Uh-oh, it looks like your Internet Explorer is out of date.

For a better shopping experience, please upgrade now.

Tragic Prelude: Bleeding Kansas

Tragic Prelude: Bleeding Kansas

by Karen Zeinert

Editorial Reviews

In her latest book, Zeinert offers a historical account of the violence of Bleeding Kansas, the unofficial battle over slavery in the territory of Kansas during the 1850s. It begins with the actions of abolitionist John Brown and his 1856 attack on proslavery settlers in retaliation for their earlier raid on Lawrence, Kansas. The ensuing two-year territorial reign of terror pitted neighbor against neighbor, the Jayhawkers, or antislavery guerrillas, versus proslavery supporters. The narrative backtracks to the 1854 Kansas-Nebraska Act, a bill introduced by Illinois Senator Stephen Douglas, admitting both states into the Union and granting settlers the right to decide for themselves on the issue of slavery. Public response to the bill, along with the electioneering between the two groups, tells the tale of Bleeding Kansas and eventually leads to the start of the Civil War in 1861. Unfortunately, Zeinert's narrative is only useful as a resource for a research paper. By lacking a more detailed time line and additional information on the cast of characters, students who usually enjoy reading the subject matter probably will not find it entertaining. Moreover, because some students might not know the meaning of Jayhawker or Free Stater, a glossary would have been helpful. Nevertheless the oral histories highlighted throughout the text offer an insider's view of the survivors' thoughts, opinions, and feelings during this period of history. Index. Photos. Maps. Biblio. Source Notes. Further Reading. Chronology. VOYA CODES: 3Q 1P J (Readable without serious defects; No YA will read unless forced to for assignments; Junior High, defined as grades 7 to 9). 2001, Linnet Books/Shoestring, 105p,$25. Ages 12 to 15. Reviewer: Kimberlee Ried SOURCE: VOYA, February 2002 (Vol. 24, No.6)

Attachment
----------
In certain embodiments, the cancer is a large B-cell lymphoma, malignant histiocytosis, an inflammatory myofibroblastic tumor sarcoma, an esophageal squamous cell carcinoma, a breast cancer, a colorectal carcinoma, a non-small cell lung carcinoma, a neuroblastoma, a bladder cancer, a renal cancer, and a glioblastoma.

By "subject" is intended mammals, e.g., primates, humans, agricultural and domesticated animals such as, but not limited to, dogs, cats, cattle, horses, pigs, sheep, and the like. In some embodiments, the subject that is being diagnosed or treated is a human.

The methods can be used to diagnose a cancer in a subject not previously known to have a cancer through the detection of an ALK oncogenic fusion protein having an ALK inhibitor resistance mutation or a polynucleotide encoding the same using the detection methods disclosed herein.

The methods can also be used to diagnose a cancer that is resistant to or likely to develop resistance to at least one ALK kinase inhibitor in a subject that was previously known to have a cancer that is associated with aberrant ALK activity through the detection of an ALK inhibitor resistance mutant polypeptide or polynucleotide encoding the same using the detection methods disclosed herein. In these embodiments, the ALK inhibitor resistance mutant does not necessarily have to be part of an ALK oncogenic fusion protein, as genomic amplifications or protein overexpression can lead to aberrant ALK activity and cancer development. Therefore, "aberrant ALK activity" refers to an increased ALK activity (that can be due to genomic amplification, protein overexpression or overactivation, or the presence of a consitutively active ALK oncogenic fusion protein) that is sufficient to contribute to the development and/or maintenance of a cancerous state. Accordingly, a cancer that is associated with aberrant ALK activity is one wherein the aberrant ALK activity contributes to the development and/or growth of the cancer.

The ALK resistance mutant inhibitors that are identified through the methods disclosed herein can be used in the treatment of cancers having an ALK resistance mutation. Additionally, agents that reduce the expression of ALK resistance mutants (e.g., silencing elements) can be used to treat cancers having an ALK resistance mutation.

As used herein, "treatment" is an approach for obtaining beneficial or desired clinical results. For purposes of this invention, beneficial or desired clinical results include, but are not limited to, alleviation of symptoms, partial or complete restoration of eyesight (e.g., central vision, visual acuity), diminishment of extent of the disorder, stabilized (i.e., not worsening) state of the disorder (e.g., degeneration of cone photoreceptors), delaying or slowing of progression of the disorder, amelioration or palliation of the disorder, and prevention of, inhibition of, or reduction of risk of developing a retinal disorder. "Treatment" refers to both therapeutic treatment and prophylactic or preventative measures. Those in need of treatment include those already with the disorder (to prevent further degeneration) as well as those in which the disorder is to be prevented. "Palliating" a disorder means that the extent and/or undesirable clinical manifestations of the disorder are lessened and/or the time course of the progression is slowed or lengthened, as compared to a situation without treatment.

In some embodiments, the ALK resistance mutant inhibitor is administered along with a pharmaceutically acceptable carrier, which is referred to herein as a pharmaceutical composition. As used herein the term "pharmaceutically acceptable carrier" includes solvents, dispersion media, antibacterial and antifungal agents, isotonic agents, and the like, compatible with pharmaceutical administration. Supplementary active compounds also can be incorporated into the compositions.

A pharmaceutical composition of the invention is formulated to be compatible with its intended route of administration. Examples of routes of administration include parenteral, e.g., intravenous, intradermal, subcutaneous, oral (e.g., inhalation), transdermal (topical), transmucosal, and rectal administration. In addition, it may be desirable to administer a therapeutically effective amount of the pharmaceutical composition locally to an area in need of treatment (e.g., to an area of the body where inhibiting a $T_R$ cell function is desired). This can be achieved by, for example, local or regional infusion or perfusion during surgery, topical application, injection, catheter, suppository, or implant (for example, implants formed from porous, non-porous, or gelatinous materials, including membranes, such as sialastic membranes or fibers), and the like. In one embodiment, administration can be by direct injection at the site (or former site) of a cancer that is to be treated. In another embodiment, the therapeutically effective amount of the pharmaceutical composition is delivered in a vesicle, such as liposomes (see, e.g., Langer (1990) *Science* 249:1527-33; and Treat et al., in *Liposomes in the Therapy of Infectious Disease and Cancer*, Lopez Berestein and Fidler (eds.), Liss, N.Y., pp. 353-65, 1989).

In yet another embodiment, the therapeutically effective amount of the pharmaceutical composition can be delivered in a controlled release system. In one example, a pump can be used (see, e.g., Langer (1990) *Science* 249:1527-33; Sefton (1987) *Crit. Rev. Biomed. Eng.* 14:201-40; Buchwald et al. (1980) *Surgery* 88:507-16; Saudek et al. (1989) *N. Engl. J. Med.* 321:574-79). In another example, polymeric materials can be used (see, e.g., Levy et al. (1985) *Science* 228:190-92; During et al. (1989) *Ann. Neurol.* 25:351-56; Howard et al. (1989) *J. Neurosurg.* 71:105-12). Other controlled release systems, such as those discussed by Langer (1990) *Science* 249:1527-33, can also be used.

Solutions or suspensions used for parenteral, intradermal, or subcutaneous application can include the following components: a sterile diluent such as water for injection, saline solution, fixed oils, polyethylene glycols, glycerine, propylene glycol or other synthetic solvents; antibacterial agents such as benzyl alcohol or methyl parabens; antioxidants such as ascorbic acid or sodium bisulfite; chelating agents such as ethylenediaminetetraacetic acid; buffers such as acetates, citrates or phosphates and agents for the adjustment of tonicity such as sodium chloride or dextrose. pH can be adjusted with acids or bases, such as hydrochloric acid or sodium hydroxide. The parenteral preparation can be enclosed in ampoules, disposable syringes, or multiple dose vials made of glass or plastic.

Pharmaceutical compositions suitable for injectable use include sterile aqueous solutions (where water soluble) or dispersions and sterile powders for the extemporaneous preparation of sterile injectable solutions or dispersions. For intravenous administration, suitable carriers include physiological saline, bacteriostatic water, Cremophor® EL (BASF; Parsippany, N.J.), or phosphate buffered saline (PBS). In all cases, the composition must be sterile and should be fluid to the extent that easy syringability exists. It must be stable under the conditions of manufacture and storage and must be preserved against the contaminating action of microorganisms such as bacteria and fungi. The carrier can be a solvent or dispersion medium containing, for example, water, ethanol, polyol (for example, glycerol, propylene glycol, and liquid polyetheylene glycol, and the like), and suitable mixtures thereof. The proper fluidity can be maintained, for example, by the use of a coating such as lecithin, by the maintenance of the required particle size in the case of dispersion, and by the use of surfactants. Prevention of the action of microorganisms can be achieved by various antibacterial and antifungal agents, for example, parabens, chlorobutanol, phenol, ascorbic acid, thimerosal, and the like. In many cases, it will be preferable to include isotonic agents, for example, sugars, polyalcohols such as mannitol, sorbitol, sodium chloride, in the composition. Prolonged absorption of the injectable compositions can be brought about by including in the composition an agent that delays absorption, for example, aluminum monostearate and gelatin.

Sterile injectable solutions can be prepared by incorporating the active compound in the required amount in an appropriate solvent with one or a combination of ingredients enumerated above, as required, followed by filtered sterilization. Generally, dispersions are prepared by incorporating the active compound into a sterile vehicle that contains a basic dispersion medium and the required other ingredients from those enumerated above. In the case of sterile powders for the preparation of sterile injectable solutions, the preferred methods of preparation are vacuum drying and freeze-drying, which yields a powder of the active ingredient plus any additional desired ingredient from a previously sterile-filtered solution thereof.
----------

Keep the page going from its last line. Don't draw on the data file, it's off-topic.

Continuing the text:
School Library Journal - School Library Journal
Gr 6-9-Zeinert has done a competent job of discussing what is probably one of the most complicated aspects of earlier U.S. history. A short introduction explains the creation of the Kansas Territory by the enactment of the Kansas-Nebraska Act of 1854. This piece of federal legislation set the stage, or was the prelude, as the author has aptly chosen to call it, for the Civil War. Next comes a map of the area, an annotated listing of the major players, and a chronology. Then the text clearly illustrates how the question of slavery in Kansas, which was to be determined by the people of the state, became a national issue with groups from the North and the South sending money, arms, militia, and settlers to support the various factions in Kansas. The conflict is described in terms of the people involved-settlers, Free Staters, abolitionists, politicians (local, territorial, and federal), pro-slavery Southerners, Jayhawkers, border ruffians, and bushwhackers. A time line dates from 1854 to 1861 when Kansas finally achieved statehood and Fort Sumter was fired upon. Period photos and reproductions of many of the notables associated with this conflict appear throughout. Excerpts from diaries of those involved add to the authenticity of the text. (There are two minor errors: the date of the Louisiana Purchase is incorrect, and Lecompton is misspelled.) A fascinating and enlightening title, and a must for any collection of Civil War-era material.-Eldon Younce, Harper Elementary School, KS Copyright 2001 Cahners Business Information.

Product Details

Shoe String Press, Incorporated
Publication date:
Product dimensions:
6.38(w) x 10.04(h) x 0.59(d)
Age Range:
11 - 14 Years

Customer Reviews

Average Review:

Post to your social network


Most Helpful Customer Reviews

See all customer reviews